One of the highlights of my summer last year were the two 'wash weeks', two weeks cannon netting with WWRG on (funnily enough) the Wash. So the obvious decision for me when organising this summers ringing was going again.
The first week, mini week, we started with a small catch on Snettisham (an RSPB nature reserve) to get everyone into the mood. This was swiftly followed by a decision to go and set on Wainfleet island. There are several Wainfleet islands, divided roughly into North and South, and all of them require a hefty walk over saltmarsh, carrying heavy cannon netting equipment whilst trying to avoid falling into the numerous creeks. One way is invariably in the dark, which adds a new dimension of fun, feeling the way with your feet whilst watching the person in front of you in the line to see where they do/dont fall in. There are some amazing phosphorescent creatures (plankton? Insects? I dont know) that sparkle as you walk through them at night, which is something really special to see.
Anyway, we set on the large north island for an evening catch, and I was asked to act as a potential twinkler on the other island (a twinkler is someone who tries to move the birds into the catching area by walking/crawling/making themselves shown to the birds so that they walk, or fly). Which was great – I enjoyed my time lying under a sand-coloured blanket on the other island, listening to the Sandwich Terns fly overhead and watching the other waders out to sea.. As we got closer to the catch I did a bit of twinkling as askedduskythorn, crawling around the island, until I heard a 'bang' noise (meaning that a net had been fired). I got up and ran back towards the other island but was quite quickly stopped in my tracks. The volume of water that was running through the (once crossable) creek was large, and crossing it suddenly seemed more interesting than it had a few hours ago! The first fork of the creek proved deeper than I expected, up to my waist, and I quickly stripped off some of the dry clothes I had remaining and threw them onto the other side, before wading (swimming) through the second creek! This amused the other ringers somewhat.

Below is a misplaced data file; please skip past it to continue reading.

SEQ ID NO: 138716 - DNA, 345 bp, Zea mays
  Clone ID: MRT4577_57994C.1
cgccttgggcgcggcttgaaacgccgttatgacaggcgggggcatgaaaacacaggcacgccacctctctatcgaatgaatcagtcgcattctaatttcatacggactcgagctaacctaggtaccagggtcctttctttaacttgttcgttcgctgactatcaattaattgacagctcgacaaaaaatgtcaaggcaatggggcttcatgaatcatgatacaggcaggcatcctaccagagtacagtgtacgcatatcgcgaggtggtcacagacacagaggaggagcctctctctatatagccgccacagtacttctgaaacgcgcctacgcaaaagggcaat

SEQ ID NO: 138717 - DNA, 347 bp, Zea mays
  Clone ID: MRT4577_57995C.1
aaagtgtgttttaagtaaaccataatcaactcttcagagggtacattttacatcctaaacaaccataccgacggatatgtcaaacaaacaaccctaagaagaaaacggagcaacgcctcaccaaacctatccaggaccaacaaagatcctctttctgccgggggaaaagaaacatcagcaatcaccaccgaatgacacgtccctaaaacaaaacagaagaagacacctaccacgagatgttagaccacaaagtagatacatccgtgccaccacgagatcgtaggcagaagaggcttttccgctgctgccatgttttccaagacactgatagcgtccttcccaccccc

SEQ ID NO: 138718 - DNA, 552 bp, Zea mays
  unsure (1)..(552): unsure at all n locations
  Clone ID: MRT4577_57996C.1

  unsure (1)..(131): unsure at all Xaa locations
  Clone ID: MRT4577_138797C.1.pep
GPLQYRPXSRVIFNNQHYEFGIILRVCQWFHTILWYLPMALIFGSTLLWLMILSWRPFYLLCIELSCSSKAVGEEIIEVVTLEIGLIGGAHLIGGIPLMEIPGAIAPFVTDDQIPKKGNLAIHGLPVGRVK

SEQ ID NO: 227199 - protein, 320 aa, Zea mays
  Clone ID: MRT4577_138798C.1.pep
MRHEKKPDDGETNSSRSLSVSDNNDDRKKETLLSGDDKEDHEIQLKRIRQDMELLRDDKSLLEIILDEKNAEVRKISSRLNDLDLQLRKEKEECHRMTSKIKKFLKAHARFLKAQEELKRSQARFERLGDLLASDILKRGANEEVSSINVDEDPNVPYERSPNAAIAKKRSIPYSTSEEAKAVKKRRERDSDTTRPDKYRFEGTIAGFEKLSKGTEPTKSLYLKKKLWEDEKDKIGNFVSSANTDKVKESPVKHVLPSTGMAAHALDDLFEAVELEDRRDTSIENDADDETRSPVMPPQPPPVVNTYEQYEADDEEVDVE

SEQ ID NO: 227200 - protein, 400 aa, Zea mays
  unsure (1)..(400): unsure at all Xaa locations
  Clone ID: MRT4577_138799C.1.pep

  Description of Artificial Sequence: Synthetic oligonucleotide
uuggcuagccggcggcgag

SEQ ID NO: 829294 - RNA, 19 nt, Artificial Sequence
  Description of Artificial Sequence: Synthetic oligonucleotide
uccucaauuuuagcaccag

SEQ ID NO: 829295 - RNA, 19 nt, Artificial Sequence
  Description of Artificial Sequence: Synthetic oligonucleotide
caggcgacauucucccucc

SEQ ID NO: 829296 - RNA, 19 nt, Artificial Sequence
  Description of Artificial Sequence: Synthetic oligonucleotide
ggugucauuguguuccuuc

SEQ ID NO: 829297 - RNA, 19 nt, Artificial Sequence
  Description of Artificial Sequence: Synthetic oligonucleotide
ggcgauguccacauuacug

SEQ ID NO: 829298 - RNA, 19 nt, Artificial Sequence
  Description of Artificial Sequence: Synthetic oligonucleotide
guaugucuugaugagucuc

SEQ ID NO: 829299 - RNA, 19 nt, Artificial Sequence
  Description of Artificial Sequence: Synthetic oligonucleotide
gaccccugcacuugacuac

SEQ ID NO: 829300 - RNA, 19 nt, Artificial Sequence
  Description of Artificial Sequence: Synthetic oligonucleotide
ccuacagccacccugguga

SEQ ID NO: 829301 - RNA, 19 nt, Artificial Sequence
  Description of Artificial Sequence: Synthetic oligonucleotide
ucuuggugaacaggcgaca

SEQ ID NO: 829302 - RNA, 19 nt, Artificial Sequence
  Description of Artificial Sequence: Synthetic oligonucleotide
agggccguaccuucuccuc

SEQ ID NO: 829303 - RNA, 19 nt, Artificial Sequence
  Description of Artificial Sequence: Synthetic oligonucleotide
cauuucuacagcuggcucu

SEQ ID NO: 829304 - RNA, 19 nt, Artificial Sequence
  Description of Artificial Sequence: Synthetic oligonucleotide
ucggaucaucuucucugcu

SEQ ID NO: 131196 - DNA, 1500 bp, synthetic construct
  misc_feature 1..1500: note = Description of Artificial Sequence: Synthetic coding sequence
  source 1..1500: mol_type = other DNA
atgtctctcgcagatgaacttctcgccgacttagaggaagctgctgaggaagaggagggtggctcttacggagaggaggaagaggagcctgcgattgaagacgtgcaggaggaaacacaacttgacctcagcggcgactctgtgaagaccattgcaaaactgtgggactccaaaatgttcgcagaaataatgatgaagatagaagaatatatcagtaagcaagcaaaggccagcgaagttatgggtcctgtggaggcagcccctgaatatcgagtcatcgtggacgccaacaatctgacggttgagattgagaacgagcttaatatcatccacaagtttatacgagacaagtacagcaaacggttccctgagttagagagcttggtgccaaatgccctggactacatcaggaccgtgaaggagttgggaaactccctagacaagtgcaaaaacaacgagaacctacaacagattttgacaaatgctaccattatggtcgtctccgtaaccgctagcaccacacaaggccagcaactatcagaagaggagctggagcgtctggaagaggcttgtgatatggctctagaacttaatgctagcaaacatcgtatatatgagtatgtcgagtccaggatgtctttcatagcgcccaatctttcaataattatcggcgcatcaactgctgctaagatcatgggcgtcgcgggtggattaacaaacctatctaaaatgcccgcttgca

Mini week had 2 very good catches – one (on a cabbage field) of 951 Dunlin and one of over 300 Barwit. It was very nice to see some waders in the hand again, I think I might be becoming addicted to them! Seabirds just have something about them, some amazing quality that I love.
Main week, on the other hand, was something of a flop. On the first tide, we fired 3 nets, each at a different time (which only happens very rarely). Each took a catch of around 20, but the second net unfortunately didnt go out properly, with one of the cannons not firing. We then spent several tides with no catches, either through the birds not landing in the right places, or because we had net problems (wind blowing it up etc.). In particular, there was one catch on the Horseshoe (a patch of saltmarsh) which went a bit haywire. The net was set well, and we were all in place in time before the birds started to come off the mud flats to begin roosting. A cow then got its back legs tangled in the cables, which meant that Steve had to get out of the hide to disentangle it, and then reconnect and recheck the net to see if it was safe and able to fire. At this point (unsurprisingly) we lost all the birds on the pool, which is never a good thing, as birds act as attractants to other birds and an existing nucleus will draw in other individuals. We then gained a small number of birds, and Steve decided to fire on them as the tide was about to become too high to stay on the marsh. We all ran out upon hearing the bang, and got to the nets quickly only to discover that there were no birds.. not only that but the net hadnt even covered the decoys (which were well within the catching area. The water had weighed the net down so much that the projectiles couldnt drag it out!
After that, we didnt have any successful cannon net catches on the Lincolnshire side, although 2 moderate mist netting sessions (more night saltmarshing!), and the other team took a very nice catch of mixed waders on a pool at Terrington.